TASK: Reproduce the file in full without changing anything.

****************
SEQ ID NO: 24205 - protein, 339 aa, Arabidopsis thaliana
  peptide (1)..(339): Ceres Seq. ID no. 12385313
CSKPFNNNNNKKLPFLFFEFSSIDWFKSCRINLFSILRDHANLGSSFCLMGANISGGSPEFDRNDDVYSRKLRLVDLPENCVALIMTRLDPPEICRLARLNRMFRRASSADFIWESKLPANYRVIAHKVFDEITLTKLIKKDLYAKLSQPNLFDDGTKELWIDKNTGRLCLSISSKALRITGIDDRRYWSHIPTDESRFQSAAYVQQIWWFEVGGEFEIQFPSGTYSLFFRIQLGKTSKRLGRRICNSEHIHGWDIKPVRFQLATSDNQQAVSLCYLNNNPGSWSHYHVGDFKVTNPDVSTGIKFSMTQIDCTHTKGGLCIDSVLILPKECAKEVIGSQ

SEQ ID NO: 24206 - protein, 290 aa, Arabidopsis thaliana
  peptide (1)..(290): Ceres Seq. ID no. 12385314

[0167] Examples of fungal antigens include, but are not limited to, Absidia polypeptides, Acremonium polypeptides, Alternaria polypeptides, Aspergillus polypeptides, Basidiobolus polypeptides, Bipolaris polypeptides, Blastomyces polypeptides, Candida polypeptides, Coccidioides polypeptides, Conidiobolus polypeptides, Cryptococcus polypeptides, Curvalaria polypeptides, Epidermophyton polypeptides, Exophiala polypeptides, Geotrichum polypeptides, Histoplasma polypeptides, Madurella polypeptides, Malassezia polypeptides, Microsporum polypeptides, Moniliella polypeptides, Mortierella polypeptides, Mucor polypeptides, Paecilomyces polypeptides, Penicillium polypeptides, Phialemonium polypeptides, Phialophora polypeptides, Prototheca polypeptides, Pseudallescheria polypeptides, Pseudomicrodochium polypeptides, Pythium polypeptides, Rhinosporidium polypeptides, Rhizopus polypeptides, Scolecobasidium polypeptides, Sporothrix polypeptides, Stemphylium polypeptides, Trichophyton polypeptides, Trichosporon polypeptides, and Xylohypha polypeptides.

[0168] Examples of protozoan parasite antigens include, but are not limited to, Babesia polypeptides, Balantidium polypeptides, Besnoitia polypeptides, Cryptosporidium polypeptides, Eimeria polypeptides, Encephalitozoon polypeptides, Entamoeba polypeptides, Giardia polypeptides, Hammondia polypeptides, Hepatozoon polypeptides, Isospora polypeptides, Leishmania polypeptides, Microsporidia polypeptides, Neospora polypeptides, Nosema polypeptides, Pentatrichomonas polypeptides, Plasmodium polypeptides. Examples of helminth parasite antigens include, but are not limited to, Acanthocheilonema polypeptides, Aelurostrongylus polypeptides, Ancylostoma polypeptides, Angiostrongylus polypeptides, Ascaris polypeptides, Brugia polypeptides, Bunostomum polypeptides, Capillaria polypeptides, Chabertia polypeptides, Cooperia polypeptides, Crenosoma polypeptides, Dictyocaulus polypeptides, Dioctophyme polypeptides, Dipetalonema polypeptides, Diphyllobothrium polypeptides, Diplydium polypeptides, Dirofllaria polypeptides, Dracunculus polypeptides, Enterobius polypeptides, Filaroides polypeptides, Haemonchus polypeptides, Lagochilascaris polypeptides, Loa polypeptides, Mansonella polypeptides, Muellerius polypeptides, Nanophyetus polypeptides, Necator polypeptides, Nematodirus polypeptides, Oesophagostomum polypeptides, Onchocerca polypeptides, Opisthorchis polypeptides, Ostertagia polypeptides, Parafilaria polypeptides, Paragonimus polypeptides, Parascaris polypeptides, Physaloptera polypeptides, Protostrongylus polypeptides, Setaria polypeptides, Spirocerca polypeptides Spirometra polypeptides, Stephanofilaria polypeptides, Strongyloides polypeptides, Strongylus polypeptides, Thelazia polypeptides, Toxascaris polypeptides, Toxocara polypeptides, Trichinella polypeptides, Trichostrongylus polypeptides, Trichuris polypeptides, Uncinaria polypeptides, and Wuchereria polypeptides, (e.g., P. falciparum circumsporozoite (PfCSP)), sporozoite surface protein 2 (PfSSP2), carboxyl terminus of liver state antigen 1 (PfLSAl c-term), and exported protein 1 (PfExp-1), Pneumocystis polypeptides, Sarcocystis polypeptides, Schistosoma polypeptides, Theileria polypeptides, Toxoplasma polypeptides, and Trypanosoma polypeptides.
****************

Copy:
SEQ ID NO: 24205 - protein, 339 aa, Arabidopsis thaliana
  peptide (1)..(339): Ceres Seq. ID no. 12385313
CSKPFNNNNNKKLPFLFFEFSSIDWFKSCRINLFSILRDHANLGSSFCLMGANISGGSPEFDRNDDVYSRKLRLVDLPENCVALIMTRLDPPEICRLARLNRMFRRASSADFIWESKLPANYRVIAHKVFDEITLTKLIKKDLYAKLSQPNLFDDGTKELWIDKNTGRLCLSISSKALRITGIDDRRYWSHIPTDESRFQSAAYVQQIWWFEVGGEFEIQFPSGTYSLFFRIQLGKTSKRLGRRICNSEHIHGWDIKPVRFQLATSDNQQAVSLCYLNNNPGSWSHYHVGDFKVTNPDVSTGIKFSMTQIDCTHTKGGLCIDSVLILPKECAKEVIGSQ

SEQ ID NO: 24206 - protein, 290 aa, Arabidopsis thaliana
  peptide (1)..(290): Ceres Seq. ID no. 12385314

[0167] Examples of fungal antigens include, but are not limited to, Absidia polypeptides, Acremonium polypeptides, Alternaria polypeptides, Aspergillus polypeptides, Basidiobolus polypeptides, Bipolaris polypeptides, Blastomyces polypeptides, Candida polypeptides, Coccidioides polypeptides, Conidiobolus polypeptides, Cryptococcus polypeptides, Curvalaria polypeptides, Epidermophyton polypeptides, Exophiala polypeptides, Geotrichum polypeptides, Histoplasma polypeptides, Madurella polypeptides, Malassezia polypeptides, Microsporum polypeptides, Moniliella polypeptides, Mortierella polypeptides, Mucor polypeptides, Paecilomyces polypeptides, Penicillium polypeptides, Phialemonium polypeptides, Phialophora polypeptides, Prototheca polypeptides, Pseudallescheria polypeptides, Pseudomicrodochium polypeptides, Pythium polypeptides, Rhinosporidium polypeptides, Rhizopus polypeptides, Scolecobasidium polypeptides, Sporothrix polypeptides, Stemphylium polypeptides, Trichophyton polypeptides, Trichosporon polypeptides, and Xylohypha polypeptides.

[0168] Examples of protozoan parasite antigens include, but are not limited to, Babesia polypeptides, Balantidium polypeptides, Besnoitia polypeptides, Cryptosporidium polypeptides, Eimeria polypeptides, Encephalitozoon polypeptides, Entamoeba polypeptides, Giardia polypeptides, Hammondia polypeptides, Hepatozoon polypeptides, Isospora polypeptides, Leishmania polypeptides, Microsporidia polypeptides, Neospora polypeptides, Nosema polypeptides, Pentatrichomonas polypeptides, Plasmodium polypeptides. Examples of helminth parasite antigens include, but are not limited to, Acanthocheilonema polypeptides, Aelurostrongylus polypeptides, Ancylostoma polypeptides, Angiostrongylus polypeptides, Ascaris polypeptides, Brugia polypeptides, Bunostomum polypeptides, Capillaria polypeptides, Chabertia polypeptides, Cooperia polypeptides, Crenosoma polypeptides, Dictyocaulus polypeptides, Dioctophyme polypeptides, Dipetalonema polypeptides, Diphyllobothrium polypeptides, Diplydium polypeptides, Dirofllaria polypeptides, Dracunculus polypeptides, Enterobius polypeptides, Filaroides polypeptides, Haemonchus polypeptides, Lagochilascaris polypeptides, Loa polypeptides, Mansonella polypeptides, Muellerius polypeptides, Nanophyetus polypeptides, Necator polypeptides, Nematodirus polypeptides, Oesophagostomum polypeptides, Onchocerca polypeptides, Opisthorchis polypeptides, Ostertagia polypeptides, Parafilaria polypeptides, Paragonimus polypeptides, Parascaris polypeptides, Physaloptera polypeptides, Protostrongylus polypeptides, Setaria polypeptides, Spirocerca polypeptides Spirometra polypeptides, Stephanofilaria polypeptides, Strongyloides polypeptides, Strongylus polypeptides, Thelazia polypeptides, Toxascaris polypeptides, Toxocara polypeptides, Trichinella polypeptides, Trichostrongylus polypeptides, Trichuris polypeptides, Uncinaria polypeptides, and Wuchereria polypeptides, (e.g., P. falciparum circumsporozoite (PfCSP)), sporozoite surface protein 2 (PfSSP2), carboxyl terminus of liver state antigen 1 (PfLSAl c-term), and exported protein 1 (PfExp-1), Pneumocystis polypeptides, Sarcocystis polypeptides, Schistosoma polypeptides, Theileria polypeptides, Toxoplasma polypeptides, and Trypanosoma polypeptides.